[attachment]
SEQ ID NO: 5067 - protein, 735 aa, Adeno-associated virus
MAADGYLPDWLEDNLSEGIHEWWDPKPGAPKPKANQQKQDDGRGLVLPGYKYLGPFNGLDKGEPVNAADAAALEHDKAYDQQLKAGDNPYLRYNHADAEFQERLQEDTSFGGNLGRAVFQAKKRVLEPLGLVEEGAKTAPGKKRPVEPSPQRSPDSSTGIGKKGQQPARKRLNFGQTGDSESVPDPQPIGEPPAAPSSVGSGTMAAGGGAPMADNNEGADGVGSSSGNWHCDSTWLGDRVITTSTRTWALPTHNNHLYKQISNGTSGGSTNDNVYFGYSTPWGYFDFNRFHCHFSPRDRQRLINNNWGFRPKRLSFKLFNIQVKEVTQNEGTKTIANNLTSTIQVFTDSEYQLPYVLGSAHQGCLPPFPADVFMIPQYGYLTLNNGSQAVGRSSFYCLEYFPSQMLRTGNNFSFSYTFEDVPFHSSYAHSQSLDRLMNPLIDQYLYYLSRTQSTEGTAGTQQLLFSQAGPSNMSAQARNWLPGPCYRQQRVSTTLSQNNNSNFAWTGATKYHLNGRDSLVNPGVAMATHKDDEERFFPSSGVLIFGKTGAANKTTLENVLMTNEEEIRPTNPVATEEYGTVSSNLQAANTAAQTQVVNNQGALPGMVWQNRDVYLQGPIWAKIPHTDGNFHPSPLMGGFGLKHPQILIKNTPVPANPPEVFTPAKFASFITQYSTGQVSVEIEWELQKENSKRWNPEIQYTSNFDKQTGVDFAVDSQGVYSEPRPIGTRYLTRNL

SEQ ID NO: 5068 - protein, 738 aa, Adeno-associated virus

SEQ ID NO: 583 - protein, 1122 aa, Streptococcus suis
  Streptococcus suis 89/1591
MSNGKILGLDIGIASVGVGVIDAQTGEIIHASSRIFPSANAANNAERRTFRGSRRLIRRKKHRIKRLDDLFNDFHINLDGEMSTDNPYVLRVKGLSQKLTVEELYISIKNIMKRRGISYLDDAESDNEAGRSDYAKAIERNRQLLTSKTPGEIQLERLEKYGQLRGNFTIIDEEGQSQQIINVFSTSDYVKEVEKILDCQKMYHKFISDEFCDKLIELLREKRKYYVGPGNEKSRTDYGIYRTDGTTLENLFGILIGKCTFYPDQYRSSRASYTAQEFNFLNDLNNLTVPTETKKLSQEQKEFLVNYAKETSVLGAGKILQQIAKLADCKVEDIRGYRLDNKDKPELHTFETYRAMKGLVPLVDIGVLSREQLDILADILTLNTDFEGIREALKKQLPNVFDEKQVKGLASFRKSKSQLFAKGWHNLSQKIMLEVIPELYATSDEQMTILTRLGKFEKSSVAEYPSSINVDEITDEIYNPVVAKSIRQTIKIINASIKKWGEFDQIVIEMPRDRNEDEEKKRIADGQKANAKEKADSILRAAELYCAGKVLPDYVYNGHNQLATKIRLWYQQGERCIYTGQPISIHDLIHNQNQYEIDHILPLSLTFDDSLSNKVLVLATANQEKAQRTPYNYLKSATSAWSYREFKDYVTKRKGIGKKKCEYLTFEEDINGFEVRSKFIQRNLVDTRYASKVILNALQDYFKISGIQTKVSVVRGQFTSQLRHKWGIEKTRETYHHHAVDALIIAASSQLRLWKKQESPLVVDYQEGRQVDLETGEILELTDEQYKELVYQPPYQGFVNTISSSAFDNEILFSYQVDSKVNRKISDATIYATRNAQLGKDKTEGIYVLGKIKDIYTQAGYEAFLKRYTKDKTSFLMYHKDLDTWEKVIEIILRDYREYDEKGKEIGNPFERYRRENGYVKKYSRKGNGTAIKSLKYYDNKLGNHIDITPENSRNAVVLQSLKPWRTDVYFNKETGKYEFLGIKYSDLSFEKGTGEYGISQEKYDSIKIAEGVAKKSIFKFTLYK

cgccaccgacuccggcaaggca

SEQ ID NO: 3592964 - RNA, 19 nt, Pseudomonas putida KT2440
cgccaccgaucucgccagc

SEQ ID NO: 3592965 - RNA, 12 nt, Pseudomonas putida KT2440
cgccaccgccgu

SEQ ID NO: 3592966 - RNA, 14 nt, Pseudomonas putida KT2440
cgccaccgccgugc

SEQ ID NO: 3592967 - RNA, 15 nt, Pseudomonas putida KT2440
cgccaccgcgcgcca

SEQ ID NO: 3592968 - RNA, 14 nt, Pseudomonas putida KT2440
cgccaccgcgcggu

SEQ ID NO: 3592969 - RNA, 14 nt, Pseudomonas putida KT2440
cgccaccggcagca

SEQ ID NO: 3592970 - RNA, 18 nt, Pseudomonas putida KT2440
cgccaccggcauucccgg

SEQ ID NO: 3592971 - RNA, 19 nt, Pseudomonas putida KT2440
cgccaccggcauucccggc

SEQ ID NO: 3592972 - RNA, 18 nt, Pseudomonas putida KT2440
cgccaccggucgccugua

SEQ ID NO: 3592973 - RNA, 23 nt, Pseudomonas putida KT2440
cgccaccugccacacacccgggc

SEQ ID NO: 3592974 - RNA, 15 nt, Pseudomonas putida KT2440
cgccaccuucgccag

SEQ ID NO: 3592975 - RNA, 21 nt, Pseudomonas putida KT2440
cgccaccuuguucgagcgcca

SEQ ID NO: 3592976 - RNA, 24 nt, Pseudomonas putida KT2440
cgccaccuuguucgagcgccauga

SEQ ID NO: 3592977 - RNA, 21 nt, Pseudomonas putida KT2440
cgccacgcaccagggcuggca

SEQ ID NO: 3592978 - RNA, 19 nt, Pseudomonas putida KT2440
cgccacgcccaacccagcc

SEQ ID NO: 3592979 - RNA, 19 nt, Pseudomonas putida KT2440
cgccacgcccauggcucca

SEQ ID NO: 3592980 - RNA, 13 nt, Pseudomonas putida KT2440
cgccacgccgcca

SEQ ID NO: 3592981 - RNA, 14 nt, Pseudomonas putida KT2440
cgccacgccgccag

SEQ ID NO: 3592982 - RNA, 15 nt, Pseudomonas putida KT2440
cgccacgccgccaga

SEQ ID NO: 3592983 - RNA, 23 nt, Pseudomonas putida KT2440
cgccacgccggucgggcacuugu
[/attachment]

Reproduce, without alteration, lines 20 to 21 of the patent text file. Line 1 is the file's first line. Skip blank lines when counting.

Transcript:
SEQ ID NO: 3592970 - RNA, 18 nt, Pseudomonas putida KT2440
cgccaccggcauucccgg